Industrial city and capital of Shaanxi province, China, on the Wei He River; population (2010) 6,501,200. It produces chemicals, including fertilizers and plastics, machinery, electrical and electronic equipment, aircraft, and textiles.
History The city was the capital of China under the Zhou dynasty (1066–256 BC) and the Qin dynasty (221–206 BC). As capital of the Western Han dynasty (206 BC–AD 8), it was called Chang'an (Everlasting Peace); and as capital of the the Tang dynasty (618–906) it was known as Siking (Western Capital). The Manchus named the city Xi'an. The city had several short-lived official changes of name in the 20th century until it reverted to Xi'an from 1943. The imperial court retired here after the Boxer Rebellion of 1900.
Location Xi'an is situated on China's principal east–west transport routes, on the right bank of the Wei He River, 125 km/78 mi above its confluence with the Huang He.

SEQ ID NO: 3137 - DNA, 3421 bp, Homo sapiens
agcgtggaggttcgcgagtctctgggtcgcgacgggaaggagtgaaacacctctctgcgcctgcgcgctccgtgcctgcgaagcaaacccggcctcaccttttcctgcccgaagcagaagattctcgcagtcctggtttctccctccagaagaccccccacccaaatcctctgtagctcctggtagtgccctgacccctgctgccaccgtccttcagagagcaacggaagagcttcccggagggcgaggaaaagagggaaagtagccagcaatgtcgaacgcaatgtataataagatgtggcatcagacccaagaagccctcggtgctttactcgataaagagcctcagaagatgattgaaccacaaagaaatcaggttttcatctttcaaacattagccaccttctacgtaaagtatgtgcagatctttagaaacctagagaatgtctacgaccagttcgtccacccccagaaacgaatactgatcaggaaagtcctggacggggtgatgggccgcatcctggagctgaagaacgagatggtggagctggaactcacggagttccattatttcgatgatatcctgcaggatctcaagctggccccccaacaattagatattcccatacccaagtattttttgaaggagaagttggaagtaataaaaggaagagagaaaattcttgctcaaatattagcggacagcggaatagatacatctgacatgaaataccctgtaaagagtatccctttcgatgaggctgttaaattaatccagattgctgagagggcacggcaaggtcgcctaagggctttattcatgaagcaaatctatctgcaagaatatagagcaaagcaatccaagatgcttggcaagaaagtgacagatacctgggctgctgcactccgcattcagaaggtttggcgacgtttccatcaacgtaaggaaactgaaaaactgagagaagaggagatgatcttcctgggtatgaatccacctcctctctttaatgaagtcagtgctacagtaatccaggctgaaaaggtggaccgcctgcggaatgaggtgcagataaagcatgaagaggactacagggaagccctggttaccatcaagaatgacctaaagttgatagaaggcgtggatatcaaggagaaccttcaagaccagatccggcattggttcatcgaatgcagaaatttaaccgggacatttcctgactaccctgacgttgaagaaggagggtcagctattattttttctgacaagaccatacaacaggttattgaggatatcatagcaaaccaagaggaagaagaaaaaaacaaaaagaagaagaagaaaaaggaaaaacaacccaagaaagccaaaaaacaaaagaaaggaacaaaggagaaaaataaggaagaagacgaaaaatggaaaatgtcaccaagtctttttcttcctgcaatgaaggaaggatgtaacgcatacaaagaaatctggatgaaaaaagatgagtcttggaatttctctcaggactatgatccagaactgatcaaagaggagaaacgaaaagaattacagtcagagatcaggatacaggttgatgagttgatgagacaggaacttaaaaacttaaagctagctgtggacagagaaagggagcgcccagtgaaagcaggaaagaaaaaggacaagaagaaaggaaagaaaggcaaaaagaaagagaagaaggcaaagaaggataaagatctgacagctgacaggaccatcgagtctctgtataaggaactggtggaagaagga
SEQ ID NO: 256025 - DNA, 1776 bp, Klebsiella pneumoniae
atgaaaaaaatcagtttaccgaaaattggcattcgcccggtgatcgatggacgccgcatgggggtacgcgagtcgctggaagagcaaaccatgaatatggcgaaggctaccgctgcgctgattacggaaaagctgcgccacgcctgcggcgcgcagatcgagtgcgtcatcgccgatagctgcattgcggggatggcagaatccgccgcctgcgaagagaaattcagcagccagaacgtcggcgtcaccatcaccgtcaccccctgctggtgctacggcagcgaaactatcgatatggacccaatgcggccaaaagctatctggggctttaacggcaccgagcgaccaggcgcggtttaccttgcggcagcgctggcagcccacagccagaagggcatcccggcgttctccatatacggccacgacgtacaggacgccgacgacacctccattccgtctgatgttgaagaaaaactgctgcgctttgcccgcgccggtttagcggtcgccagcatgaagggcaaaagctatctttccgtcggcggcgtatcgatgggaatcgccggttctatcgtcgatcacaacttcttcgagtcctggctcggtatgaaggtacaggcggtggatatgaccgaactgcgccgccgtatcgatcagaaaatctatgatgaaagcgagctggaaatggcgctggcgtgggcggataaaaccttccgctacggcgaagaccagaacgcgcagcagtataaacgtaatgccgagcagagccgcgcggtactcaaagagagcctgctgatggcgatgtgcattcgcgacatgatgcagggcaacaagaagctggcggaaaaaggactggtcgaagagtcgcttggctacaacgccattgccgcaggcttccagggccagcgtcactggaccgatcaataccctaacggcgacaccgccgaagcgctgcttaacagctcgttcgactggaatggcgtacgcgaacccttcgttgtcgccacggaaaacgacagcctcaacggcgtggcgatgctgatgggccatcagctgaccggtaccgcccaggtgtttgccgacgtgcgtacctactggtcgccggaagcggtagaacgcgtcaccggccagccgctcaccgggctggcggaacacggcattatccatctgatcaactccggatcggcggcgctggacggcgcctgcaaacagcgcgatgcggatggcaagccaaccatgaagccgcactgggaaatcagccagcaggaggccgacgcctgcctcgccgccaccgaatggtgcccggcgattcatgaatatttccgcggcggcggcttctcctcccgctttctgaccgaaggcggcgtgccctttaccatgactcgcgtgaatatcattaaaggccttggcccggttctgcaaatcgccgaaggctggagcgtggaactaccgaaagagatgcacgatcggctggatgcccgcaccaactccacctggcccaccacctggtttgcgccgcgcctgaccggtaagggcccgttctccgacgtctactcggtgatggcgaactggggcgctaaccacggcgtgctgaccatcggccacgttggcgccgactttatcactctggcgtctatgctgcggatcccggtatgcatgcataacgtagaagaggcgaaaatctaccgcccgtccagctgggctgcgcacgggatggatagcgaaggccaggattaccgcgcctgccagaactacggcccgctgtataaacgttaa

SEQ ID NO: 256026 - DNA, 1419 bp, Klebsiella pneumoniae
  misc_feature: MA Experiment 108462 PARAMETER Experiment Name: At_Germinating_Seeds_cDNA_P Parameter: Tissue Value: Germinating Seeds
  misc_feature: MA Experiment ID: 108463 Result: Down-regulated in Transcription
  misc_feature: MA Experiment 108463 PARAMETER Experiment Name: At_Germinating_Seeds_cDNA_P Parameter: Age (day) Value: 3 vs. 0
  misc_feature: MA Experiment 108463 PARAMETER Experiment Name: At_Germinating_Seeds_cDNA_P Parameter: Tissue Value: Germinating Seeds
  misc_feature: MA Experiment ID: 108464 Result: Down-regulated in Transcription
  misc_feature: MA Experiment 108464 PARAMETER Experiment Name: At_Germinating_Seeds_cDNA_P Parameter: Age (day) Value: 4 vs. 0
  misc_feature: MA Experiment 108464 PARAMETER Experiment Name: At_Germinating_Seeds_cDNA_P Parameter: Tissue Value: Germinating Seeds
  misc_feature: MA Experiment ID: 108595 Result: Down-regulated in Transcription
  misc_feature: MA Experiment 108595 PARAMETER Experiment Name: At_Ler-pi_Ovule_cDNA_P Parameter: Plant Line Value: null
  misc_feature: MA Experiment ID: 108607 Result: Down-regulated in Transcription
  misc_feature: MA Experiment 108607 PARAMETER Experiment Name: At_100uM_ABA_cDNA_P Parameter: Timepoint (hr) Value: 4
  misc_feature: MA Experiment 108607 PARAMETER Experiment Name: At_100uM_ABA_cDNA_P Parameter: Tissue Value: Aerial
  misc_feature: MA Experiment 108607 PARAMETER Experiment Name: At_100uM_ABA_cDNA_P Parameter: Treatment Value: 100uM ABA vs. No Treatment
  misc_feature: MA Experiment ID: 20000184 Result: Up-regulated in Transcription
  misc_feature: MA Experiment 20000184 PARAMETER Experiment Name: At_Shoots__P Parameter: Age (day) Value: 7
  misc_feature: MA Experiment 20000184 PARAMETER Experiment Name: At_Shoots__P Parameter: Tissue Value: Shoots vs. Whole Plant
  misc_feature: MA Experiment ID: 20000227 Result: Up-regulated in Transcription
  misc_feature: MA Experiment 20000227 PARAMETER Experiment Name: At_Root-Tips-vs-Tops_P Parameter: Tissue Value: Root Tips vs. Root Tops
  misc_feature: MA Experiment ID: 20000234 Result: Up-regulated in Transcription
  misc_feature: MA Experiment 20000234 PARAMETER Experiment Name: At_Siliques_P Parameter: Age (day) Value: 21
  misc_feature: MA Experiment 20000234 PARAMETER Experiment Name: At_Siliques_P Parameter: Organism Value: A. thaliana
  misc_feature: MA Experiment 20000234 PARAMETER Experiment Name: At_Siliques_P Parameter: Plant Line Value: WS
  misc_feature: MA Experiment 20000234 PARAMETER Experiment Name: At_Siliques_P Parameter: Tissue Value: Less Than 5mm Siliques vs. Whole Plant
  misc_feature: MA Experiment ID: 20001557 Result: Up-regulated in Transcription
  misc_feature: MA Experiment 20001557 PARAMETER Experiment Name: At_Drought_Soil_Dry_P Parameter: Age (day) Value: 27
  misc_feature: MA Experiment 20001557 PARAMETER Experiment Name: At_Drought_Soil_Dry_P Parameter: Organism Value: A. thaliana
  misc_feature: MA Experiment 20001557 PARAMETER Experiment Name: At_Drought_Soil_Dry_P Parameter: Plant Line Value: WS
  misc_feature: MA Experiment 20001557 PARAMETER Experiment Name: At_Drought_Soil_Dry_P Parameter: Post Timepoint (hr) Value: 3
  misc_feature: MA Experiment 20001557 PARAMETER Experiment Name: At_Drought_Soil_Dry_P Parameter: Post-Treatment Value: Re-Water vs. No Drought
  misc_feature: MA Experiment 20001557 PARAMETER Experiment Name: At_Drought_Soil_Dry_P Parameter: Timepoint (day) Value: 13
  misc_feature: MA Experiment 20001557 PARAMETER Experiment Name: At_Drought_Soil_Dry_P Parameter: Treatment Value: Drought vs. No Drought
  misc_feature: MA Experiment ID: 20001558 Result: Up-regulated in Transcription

Features Its treasures include the 600 year-old Ming wall; rich archaeological finds, including the terracotta army: pottery soldiers buried to protect the tomb of the first Qin emperor, Shi Huangdi; Big Wild Goose Pagoda, one of the oldest pagodas in China; the Great Mosque, built in 742; the 8th-century Forest of Steles; and the neolithic village of Ban Po, dating to around 6000 BC.
Economy After 1950, industry was greatly developed in accordance with the communist government's policy of industrial dispersal. Whole enterprises were moved to the city from Shanghai, including textile mills, a sewing-machine factory, and a watchmaking business. Defence industries were also developed in Xi'an, many of which, including the aircraft factory, turned to civilian products. Xi'an is also a centre for precision engineering and the manufacture of machinery and electrical equipment. Tourism, based on the numerous nearby archaeological remains, is of growing importance to the local economy.